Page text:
Slasdot effect, slashdotted, /.'ed are generic terms. I do not know if they were the first terms but it was definitely popularized by slasdhot. The idea of this name being in violation of the NPOV policy is absolute nonsense or otherwise you'd have to go change the name of the Osborne Effect as well. This name change reeks of some digg user trying to rename it the "digg effect" because they prefer it or just dislike slashdot in general.66.139.217.157 18:02, 28 June 2007 (UTC)

Incorporate into web traffic article[edit]

The web traffic article is slowly expanding into a comprehensive article about the traffic going to web sites. The traffic overload section would be a perfect location to incorporate the information in this article into a more generic look into this effect. Anyone against this move? violet/riga (t) 19:52, 17 Nov 2004 (UTC)

Yes. Me. The "Slashdot Effect" is an incredibly well known term, and just shoving this in with a redirect would be unsuitable in my opinion. Duplicating content is bad, I know, but this could be a suitable situation for it - I've only ever seen it called the "Slashdot Effect" or the "Heise Effect" - the term "server overload" seems to have died out lately. Kiand 22:55, 17 Nov 2004 (UTC)
Farked is another term for it. That makes three known terms for pretty much the same thing and we can't really have articles for all three. By creating one central page we can avoid the duplication and mention these variants. violet/riga (t) 23:13, 17 Nov 2004 (UTC)
As well as Dugg or Digg effect. You will never hear "This page just got slashdotted!!! OhN0ez!!11!One1" in a Digg comment. Nor will you hear "This page got dugg!!! ZOMG" in a slashdot or fark. Obviously, the terminologies are popular only within the communities that created the term. Monkey Brain 00:03, 22 July 2006 (UTC)

I oppose this - the slashdot effect is different from general web traffic. Trollminator 22:56, 19 Nov 2004 (UTC)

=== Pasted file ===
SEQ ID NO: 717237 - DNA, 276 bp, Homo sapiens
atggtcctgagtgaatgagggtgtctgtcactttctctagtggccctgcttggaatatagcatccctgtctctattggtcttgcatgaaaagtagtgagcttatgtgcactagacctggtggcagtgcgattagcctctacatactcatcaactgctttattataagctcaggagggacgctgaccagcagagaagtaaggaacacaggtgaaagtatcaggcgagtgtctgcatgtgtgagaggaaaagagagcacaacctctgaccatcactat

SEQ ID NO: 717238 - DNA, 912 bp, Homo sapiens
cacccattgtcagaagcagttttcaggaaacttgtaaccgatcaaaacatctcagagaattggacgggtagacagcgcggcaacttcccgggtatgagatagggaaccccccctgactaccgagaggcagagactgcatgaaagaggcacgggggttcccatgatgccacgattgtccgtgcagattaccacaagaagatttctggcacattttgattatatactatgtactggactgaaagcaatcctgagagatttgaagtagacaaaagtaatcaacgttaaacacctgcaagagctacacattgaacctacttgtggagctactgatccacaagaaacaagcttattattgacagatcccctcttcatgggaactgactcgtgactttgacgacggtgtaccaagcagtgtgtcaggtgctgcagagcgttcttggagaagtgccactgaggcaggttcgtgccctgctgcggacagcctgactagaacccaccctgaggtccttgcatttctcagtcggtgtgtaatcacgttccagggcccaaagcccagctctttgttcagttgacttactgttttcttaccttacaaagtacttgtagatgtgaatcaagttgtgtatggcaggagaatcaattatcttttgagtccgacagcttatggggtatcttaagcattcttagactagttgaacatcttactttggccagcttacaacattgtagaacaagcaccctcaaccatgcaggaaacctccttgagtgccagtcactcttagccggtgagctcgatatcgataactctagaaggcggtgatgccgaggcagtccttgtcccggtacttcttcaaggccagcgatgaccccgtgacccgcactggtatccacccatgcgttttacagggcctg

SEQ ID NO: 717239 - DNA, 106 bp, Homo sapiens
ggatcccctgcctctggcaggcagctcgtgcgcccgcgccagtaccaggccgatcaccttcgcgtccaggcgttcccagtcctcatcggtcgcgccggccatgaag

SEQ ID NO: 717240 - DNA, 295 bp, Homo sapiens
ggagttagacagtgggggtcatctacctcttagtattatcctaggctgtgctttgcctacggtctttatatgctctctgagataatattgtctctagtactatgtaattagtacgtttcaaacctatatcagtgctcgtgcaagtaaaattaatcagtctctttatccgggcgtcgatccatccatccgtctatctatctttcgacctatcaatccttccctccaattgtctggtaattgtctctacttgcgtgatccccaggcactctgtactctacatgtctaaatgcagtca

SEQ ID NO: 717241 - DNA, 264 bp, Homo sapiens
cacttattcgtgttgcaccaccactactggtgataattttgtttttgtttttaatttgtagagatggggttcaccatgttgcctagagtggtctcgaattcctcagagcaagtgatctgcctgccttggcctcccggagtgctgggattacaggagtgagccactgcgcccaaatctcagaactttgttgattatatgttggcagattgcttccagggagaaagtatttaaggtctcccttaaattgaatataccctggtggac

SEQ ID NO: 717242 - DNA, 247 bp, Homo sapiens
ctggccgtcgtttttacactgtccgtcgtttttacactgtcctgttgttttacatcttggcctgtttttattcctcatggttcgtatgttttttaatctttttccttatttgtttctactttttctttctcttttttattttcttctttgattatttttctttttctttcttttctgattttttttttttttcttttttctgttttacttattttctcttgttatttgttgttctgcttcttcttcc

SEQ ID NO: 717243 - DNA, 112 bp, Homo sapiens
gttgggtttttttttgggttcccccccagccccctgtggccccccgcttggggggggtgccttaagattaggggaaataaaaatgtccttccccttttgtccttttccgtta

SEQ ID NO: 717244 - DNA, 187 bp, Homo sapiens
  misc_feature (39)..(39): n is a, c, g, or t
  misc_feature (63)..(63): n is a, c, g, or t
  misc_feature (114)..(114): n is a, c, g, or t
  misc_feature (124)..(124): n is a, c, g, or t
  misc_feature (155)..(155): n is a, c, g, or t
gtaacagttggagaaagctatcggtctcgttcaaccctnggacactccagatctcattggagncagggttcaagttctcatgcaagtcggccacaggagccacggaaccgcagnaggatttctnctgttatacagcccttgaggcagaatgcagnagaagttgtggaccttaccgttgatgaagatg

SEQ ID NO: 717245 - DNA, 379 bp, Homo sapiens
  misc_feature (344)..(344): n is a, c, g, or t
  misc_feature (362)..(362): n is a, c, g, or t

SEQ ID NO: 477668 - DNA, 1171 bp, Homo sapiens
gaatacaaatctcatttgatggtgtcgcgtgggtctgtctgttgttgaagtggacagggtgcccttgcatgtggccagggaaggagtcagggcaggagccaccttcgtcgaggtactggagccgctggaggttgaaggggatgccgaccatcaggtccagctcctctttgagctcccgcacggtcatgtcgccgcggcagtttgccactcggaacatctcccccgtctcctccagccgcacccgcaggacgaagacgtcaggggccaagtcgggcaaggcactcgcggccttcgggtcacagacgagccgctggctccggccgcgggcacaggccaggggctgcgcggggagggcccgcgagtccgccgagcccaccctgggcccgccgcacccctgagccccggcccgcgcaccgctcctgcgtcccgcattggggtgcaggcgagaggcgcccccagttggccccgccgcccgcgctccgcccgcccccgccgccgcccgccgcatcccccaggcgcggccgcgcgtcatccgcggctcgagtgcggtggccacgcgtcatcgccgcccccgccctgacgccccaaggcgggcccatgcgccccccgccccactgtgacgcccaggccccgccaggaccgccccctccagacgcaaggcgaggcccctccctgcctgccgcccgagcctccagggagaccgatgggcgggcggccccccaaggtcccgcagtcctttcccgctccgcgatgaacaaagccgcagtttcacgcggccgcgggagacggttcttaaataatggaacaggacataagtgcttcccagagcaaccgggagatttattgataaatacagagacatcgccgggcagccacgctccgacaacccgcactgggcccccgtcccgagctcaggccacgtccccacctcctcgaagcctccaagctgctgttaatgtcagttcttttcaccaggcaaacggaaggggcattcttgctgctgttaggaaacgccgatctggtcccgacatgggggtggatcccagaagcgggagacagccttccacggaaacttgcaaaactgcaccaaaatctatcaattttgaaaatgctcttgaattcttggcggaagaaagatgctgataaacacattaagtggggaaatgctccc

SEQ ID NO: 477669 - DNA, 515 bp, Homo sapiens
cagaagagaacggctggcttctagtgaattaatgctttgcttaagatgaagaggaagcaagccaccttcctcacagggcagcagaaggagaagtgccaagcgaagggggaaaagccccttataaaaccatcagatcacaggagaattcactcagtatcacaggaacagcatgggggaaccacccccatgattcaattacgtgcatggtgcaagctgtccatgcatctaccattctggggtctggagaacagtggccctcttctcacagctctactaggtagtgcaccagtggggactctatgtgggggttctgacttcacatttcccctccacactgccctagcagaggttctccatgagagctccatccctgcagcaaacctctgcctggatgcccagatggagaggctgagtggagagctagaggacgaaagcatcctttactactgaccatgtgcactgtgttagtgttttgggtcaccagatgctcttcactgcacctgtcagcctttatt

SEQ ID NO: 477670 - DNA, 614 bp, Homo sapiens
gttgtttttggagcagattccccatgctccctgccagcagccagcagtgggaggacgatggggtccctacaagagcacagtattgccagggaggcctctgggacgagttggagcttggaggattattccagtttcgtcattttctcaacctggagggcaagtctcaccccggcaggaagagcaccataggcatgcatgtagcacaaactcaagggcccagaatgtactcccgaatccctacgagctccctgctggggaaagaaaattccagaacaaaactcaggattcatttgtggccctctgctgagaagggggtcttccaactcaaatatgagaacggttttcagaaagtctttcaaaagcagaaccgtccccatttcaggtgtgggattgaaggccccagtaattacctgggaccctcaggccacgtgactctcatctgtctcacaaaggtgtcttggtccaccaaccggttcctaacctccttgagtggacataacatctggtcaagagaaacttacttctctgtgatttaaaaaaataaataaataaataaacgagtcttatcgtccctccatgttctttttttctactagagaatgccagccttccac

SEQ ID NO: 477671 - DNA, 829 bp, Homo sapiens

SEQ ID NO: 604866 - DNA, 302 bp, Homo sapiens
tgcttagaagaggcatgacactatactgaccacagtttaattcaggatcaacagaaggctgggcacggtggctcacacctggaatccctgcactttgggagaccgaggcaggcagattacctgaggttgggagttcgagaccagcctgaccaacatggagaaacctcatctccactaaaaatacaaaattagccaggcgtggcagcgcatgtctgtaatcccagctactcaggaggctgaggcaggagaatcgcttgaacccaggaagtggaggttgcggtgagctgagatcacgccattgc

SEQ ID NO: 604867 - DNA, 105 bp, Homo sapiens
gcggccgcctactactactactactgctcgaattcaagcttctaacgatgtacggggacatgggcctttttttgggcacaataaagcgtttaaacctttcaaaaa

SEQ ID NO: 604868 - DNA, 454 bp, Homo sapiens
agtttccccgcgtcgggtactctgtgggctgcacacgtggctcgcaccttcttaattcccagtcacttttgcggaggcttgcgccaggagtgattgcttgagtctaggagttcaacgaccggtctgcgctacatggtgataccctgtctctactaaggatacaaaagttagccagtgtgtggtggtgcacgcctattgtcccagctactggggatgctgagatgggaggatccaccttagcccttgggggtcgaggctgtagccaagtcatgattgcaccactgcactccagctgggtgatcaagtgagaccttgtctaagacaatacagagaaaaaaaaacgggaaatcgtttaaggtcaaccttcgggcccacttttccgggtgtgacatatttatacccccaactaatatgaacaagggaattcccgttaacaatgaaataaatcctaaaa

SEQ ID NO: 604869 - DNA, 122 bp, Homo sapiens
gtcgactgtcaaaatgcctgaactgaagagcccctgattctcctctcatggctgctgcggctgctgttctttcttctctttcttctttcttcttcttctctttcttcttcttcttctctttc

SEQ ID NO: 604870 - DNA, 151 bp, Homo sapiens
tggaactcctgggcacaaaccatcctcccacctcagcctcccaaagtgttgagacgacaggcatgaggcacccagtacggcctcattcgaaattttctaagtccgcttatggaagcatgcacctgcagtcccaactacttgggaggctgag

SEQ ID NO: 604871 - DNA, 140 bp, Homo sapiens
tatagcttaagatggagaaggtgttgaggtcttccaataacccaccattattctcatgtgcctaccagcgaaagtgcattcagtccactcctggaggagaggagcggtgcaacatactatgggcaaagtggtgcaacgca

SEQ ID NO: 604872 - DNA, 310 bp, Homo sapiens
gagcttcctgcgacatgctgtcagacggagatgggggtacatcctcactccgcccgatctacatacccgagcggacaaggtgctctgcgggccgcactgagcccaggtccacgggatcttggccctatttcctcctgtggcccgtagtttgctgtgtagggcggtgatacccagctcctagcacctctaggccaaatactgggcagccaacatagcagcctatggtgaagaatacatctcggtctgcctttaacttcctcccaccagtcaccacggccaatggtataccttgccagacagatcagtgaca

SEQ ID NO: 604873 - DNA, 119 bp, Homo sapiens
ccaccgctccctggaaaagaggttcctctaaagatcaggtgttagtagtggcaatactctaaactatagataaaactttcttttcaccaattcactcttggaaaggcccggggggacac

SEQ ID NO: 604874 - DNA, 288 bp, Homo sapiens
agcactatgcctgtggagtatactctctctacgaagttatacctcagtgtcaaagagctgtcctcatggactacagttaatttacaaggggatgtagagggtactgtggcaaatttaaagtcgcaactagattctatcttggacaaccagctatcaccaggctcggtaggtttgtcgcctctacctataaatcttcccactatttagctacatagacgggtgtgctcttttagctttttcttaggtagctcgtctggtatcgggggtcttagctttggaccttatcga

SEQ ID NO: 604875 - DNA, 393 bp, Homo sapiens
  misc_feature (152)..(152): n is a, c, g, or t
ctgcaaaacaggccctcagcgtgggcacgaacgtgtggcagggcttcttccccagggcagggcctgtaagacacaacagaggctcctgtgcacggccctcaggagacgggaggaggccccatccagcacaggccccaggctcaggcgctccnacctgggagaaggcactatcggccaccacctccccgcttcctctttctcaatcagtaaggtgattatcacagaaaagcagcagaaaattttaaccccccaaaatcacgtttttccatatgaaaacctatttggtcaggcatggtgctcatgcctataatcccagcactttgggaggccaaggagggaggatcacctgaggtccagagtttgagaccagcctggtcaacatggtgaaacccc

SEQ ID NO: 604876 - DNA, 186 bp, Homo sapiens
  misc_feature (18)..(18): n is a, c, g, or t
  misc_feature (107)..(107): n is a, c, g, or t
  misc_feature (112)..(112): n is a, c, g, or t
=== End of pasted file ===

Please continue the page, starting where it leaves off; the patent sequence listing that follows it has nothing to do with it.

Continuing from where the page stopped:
It's excessive web traffic causing traffic overload. violet/riga (t) 23:27, 19 Nov 2004 (UTC)
No, the slashdot effect is not simply excessive web traffic. It's excessive web traffic caused by being mentioned on Slashdot. I think we can create an article that deals with all these phenomena where a single site has the power to cause an influx in traffic that is capable of causing server overload. Merging into web traffic would be too narrow imho. That's like merging traffic accident or perhaps more appropriately traffic congestion into "traffic". — David Remahl
Picky! That's fine - my objection is to calling it Slashdot effect when other sites can do it. It should have scope to be a large enough article in its own right. Now, what to call it..? violet/riga (t) 18:27, 20 Nov 2004 (UTC)
I suspect that the importance of the phrase has declined as the influence of Slashdot has diminished, but it's still worth an article in its own right as a peculiar phrase that attracted widespread interest. On the other hand, the article should stay focused on this particular term, and on web traffic spikes from Slashdot itself, whereas more general web traffic phenomena should go elsewhere. —Steven G. Johnson 05:03, Nov 22, 2004 (UTC)
Exactly, this article should be about the catch phrase itself, as Slashdot is by far not the only site that can and does cause server overloads, plenty of weblogs are known to have the same effect. Information about the effects of the influx of traffic from a single source should be in web traffic. To throw in an analogy as well, keeping the articles like this is like keeping seperate articles on three-person and two-person couches. -- [[User:Solitude|Solitude\talk]] 20:56, Nov 29, 2004 (UTC)

Right, I've made a few changes, incorporating some info and expanding the relevant web traffic section and rearranging this article a bit while still retaining a great deal of the information. violet/riga (t) 13:26, 11 Dec 2004 (UTC)

I would probably support moving the Slashdot Effect page content onto a different name, like "Web Traffic Overload" or even "Distributed Denial of Service" or something, but I think it's incorrect to simply lump it in to Web Traffic. As someone further up in the discussion mentioned, that would be like rolling the article on "auto accidents" in with "traffic." (Besides which, the "Web Traffic" article is getting quite long anyway.) Frankly I think that the phrase "Slashdot Effect" is much more common than "digg effect" or "Fark effect," to the point where we would do best just to redirect those other terms to Slashdot Effect, but if that offends some people than I suppose I could support moving it all to some neutrally-titled page. However I think substantial note should be made that the behavior/effect in general is often just called the "Slashdot effect" or "Slashdot-like," regardless of the source. So, to sum up: I am against moving this into Web Traffic. I would reluctantly support moving it to a page with a more-neutral name, but only if there was overwhelming opposition to the current situation. - Kadin2048 17:03, 21 February 2006 (UTC)